2017 SEMA Show welcomes Turbinator II

Make sure to stop by the Save the Salt booth if you are attending the 2017 SEMA Show and see Team Vesco's Turbinator II streamliner on display in Hot Rod Alley. With its current FIA certified World Record of 458MPH, this is the World's Fastest Wheel-Driven Car on the planet. The car was driven to glory by the late, but oh, so great, Don Vesco.Just prior to the big Vegas show, the team will be featured on History's very popular program "Counting Cars" on Tuesday, October 24th. The Turbinator II body was badly damaged in a mishap at 400 MPH during the Utah Salt Flat Racing Association September 2016 Wold of Speed event. Danny "The Count" Koker and airbrush artist Ryan Evans applied one of their legendary paint jobs to the new Turbinator body and he, together with builder Rick Vesco, be on-hand at the booth signing posters for fans.

The Bonneville Salt Flats International Raceway (BSF) is the densely packed salt remnant of an ancient lake bed formed over thousands of years. Beyond its irreplaceable beauty, the flats possess rare physical qualities which make it a destination for land speed racing, filmmaking, rocketeers and tourists from all over the world. Bonneville has been called the birthplace of “hot rodding” and has been used for racing events since 1914.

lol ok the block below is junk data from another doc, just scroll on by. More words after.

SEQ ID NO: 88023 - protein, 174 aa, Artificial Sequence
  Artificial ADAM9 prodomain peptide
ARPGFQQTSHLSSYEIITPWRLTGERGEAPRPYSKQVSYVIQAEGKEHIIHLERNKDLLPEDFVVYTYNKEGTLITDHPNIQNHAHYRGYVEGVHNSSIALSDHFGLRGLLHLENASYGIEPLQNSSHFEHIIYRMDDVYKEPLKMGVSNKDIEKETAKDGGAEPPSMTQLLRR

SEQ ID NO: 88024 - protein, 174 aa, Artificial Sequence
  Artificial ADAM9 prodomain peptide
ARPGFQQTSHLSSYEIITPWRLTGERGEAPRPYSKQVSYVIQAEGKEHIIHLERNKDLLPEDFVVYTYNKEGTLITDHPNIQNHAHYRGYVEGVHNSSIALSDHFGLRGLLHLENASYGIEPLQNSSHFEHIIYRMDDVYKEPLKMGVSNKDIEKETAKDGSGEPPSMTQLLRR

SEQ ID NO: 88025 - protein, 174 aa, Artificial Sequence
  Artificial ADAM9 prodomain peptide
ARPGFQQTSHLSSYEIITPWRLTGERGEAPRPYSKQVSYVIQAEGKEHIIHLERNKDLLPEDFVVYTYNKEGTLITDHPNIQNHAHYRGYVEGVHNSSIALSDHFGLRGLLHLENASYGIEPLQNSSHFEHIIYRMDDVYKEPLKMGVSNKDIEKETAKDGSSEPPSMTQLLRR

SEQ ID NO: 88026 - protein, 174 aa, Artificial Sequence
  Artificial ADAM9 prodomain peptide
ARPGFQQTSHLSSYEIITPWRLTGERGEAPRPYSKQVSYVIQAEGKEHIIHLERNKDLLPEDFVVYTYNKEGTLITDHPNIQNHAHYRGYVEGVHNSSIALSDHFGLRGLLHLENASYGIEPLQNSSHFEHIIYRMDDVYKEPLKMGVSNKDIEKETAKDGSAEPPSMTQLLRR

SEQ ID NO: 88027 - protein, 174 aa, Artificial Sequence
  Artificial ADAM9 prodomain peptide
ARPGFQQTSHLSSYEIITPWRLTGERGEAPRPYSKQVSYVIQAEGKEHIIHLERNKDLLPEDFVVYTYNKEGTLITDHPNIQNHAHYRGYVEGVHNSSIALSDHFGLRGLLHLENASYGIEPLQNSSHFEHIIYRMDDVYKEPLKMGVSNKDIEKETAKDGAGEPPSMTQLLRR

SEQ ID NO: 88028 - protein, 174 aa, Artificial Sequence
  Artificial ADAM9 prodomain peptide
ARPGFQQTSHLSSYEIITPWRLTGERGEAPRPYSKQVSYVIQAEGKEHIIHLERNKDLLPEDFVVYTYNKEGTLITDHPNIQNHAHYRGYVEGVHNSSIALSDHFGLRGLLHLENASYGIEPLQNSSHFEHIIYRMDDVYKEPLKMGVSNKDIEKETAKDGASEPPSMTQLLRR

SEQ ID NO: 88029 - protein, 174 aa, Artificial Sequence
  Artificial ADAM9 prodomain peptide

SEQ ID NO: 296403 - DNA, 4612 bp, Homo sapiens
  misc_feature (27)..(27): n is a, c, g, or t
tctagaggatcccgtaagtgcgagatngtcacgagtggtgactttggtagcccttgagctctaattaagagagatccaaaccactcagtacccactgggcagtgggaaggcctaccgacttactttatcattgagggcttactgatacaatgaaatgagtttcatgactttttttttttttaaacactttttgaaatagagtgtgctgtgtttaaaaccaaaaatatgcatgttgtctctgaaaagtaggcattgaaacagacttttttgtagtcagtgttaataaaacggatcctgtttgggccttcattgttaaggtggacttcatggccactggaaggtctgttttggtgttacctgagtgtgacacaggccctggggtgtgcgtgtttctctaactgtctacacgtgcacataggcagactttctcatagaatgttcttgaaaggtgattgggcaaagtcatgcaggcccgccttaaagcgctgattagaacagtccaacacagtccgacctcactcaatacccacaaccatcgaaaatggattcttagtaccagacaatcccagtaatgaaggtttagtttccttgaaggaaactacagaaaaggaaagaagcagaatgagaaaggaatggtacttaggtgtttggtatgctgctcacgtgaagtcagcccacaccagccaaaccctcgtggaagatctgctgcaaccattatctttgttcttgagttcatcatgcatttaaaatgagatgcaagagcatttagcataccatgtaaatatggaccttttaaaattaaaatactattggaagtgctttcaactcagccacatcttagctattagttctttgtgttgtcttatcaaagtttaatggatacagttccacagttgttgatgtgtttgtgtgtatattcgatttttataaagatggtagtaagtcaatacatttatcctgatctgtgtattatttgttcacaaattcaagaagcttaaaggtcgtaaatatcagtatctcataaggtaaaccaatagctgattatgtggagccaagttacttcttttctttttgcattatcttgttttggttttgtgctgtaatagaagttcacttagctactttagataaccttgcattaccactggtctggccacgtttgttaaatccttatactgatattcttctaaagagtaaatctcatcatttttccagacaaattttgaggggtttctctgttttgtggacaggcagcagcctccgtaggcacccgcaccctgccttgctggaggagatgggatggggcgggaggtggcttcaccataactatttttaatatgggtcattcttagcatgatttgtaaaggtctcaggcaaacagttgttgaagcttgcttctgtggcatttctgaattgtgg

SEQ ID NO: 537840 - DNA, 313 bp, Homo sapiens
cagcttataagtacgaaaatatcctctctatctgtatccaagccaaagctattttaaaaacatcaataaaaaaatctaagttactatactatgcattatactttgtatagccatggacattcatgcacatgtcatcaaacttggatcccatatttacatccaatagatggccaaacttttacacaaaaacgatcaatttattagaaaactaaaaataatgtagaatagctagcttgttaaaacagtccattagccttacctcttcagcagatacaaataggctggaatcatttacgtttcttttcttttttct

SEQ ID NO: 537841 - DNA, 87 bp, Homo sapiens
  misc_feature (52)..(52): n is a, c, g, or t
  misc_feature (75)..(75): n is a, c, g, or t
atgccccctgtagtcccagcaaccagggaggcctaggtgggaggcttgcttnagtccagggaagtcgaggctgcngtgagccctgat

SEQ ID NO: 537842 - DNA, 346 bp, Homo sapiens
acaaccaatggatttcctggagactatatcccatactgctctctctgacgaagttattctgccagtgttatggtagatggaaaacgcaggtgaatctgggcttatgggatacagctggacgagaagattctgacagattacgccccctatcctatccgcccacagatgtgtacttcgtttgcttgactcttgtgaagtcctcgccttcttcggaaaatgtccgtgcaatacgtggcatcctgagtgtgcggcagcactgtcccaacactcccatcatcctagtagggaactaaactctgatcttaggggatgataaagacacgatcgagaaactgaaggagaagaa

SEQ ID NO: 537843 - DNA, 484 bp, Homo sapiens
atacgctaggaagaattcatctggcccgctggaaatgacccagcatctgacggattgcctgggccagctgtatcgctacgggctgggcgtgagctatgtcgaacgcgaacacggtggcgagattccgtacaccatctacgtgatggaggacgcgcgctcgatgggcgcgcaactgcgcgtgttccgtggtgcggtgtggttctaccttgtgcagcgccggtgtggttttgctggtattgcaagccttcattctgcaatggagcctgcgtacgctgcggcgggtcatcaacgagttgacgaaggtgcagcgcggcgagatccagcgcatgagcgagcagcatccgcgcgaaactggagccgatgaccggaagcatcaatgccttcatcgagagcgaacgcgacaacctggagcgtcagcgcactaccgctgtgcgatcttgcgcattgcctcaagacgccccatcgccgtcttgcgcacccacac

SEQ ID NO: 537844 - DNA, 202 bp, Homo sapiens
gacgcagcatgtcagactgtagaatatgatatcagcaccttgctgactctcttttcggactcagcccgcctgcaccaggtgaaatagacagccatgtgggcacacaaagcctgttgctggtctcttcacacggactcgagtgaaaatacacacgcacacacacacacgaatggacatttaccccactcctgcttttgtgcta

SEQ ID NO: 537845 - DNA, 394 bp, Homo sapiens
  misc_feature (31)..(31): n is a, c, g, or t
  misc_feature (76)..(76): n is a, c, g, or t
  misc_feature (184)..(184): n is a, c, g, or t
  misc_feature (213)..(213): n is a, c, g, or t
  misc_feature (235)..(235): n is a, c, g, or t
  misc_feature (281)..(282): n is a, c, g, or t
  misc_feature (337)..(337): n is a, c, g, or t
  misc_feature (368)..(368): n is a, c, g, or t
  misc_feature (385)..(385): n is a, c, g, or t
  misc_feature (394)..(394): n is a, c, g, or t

The 300, 400, 500 and 600 mph land speed record barriers were broken on its natural straightaway. Since the 1920s, automakers, speed equipment manufactures and tire companies have used Bonneville as a testing laboratory for products we all rely on today. All this adds up to a rich land speed racing legacy including the world-famous annual Speed Week event. Bonneville has earned protected status that recognizes the importance of land speed racing as a compatible use.

This unique, geologic phenomenon in northwestern Utah, was originally 96,000 acres in size but has been reduced to less than 30,000. Despite being listed on the National Register of Historic Places, and federally designated an Area of Critical Environmental Concern (ACEC), millions of tons of salt have been transferred away over five decades due to potash mining. The leftover salt material is a waste product, abandoned in the evaporation ponds located on public and private lands nearby. One pond alone contains enough material to resurface the entire historic 13-mile raceway to a depth of nearly 7-inches through a reintroduction process.

If corrective actions are not implemented soon our national treasure will disappear altogether and become another dry lake mud flat. Since 1997, the motorsport racing community has worked to return salt each year to the flats, but it is a long-term project and in need of partners.

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